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Carbide Central Coolant System, What coolant will work best?

Carbide Central Coolant System, What coolant will work best?

Carbide Central Coolant System, What coolant will work best?

I have a 8,000 gallon Central Coolant System I use for grinding carbide rods and use a water soluble coolant. The Central System uses four Large sand filters that get back flushed to keep the coolant clean. I was told that you can only use synthetic coolants in the system due to the sand filters, this coolant system is 30 years old and works fine but I want to change to a coolant that is a semi-synthetic so the machines get some lubrication on the metal sliding covers, etc. Was synthetic coolant around thirty years ago? The coolant that I want has to work good on centerless grinding and keep my machines clean and not allow the cobalt to be leached from the carbide and no foaming. Can someone assist me with this problem.

RE: Carbide Central Coolant System, What coolant will work best?

You need to look at fluid selection very carefully!

The first question you need to look at is the question of Co (cobalt) leach- this is when the fluid solublizes the Co binder (the most common WC -tungsten carbide- binder. leaching the Co out will cause the WC to have reduced shock resistance, in creased surface area, rougher finish etc. Additionally, Co in solution may create health safety and disposal issues. If the Co in solution is allowed to build up tho the point that it participated it will form a very hard abrasive residue on you machine tools -- the only effective removal technique is elbow grease because most people don't want to wash down their grinders with ver low pH cleaning compounds for all the obvious reasons.

Co in solution also tends to feed fungus which can cause all sorts of problems -- the Co++will also tend to "strip out" the fungicides most often formulated into WC grinding fluids

the next big issue is that WC diamond grinding wheels particularly resin bond can be easily affected by changes in fluid working pH, oil and surfactant selection etc. etc. Have your wheel supplier give you ranges or test the fluid and the bond. Also remember that you are probably using coated diamond either Cu or Ni and if your new fluid goes after the coating or the bond your "G" ratios will go way down and very rapidly.

If you move to a semi synthetic (one using petroleum oil in particular) as the fluid picks up cat ions the particle size of the fluid will change get larger and you may loose grinding efficacy- moving to a semi may also affect the flux rate of filter.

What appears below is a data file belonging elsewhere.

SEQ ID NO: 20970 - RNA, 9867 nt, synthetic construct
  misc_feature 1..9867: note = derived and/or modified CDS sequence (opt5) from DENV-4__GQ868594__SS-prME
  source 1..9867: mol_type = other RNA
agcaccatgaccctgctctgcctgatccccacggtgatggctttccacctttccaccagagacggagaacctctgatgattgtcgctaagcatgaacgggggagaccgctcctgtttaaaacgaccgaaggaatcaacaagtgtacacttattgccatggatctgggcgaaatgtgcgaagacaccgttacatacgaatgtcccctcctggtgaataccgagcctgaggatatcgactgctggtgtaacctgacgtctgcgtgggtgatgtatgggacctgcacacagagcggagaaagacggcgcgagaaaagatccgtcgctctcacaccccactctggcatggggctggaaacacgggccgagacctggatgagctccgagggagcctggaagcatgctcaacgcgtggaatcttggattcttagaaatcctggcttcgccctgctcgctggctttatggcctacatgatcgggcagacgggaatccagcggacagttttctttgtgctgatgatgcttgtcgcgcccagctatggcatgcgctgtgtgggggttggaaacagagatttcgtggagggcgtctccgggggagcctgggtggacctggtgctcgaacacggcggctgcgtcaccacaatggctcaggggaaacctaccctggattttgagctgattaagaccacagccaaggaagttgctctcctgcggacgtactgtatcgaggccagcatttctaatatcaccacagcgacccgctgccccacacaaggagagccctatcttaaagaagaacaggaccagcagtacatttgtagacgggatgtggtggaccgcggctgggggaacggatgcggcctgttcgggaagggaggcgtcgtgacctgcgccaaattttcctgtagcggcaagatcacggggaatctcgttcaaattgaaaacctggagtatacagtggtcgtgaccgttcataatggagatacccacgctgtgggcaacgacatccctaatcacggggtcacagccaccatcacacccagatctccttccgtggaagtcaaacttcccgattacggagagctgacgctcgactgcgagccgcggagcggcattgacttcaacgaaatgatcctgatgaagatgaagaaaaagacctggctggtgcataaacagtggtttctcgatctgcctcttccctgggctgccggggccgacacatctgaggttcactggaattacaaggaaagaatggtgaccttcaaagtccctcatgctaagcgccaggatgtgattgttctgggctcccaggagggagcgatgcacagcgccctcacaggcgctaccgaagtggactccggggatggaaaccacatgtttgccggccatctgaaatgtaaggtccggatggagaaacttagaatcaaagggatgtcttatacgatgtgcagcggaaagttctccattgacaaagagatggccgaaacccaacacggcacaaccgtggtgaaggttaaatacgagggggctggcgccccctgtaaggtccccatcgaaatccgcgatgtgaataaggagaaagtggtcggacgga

WC grinding is very hard on work rest blades particularly if they are WC. Co leach again. If work rest blade l life is a problem you should look at fluid cleanliness and application. to have the type of fluid make a substantial difference in blade life you would probably have to go the high concentration soluble oil of even oil. these changes would probably require completely re engineering you process.

As to foaming you need to be very careful about the kind of anti foam used as it may clog up both the regulating and grinding wheels and can affect filtration.

Depending on what you drivers are for looking at this fluid change my first thought is to get a good quality fluid suppler who has been down this path and buy the best quality WC grinding fluid you can get and then manage the "hell" out of it -- control the concentration with in +/- 1% test for the presence of mental in solution and then take appropriate action.

A long time ago in a different era I spent $1,000,000+ a year on diamond wheels and getting control of the fluid saved me 5-6 lost days a year to dermatitis and saved about 5% on wheel purchases.

Do you sell your diamond WC swarf? Do you keep the WC swarf separate from other grinding swarf? You should check with who ever is actually processing the swarf as the fluid used can affect the reclamation process.

The best only way to keep the machines clean is to was them down at the end of every setup and the end of the shift. As make sure that the wash down lines and return lines fo their jobs properly.

As to you more general questions "synthetics have be around since Fredric Taylor did his research late 1800s. WC grinding fluids have been around since the middle 40's - there was a bid change in the market and formulation of these fluid as as H&S rules change -- the elimination of Cr as a corrosion inhibitor and NaN. So there are a relatively few fluid manufactures actively chasing this market.

good luck with this project as I have just scratched the surface of the issues --

A.R. "Andy" Nelson
Engineering Consultant

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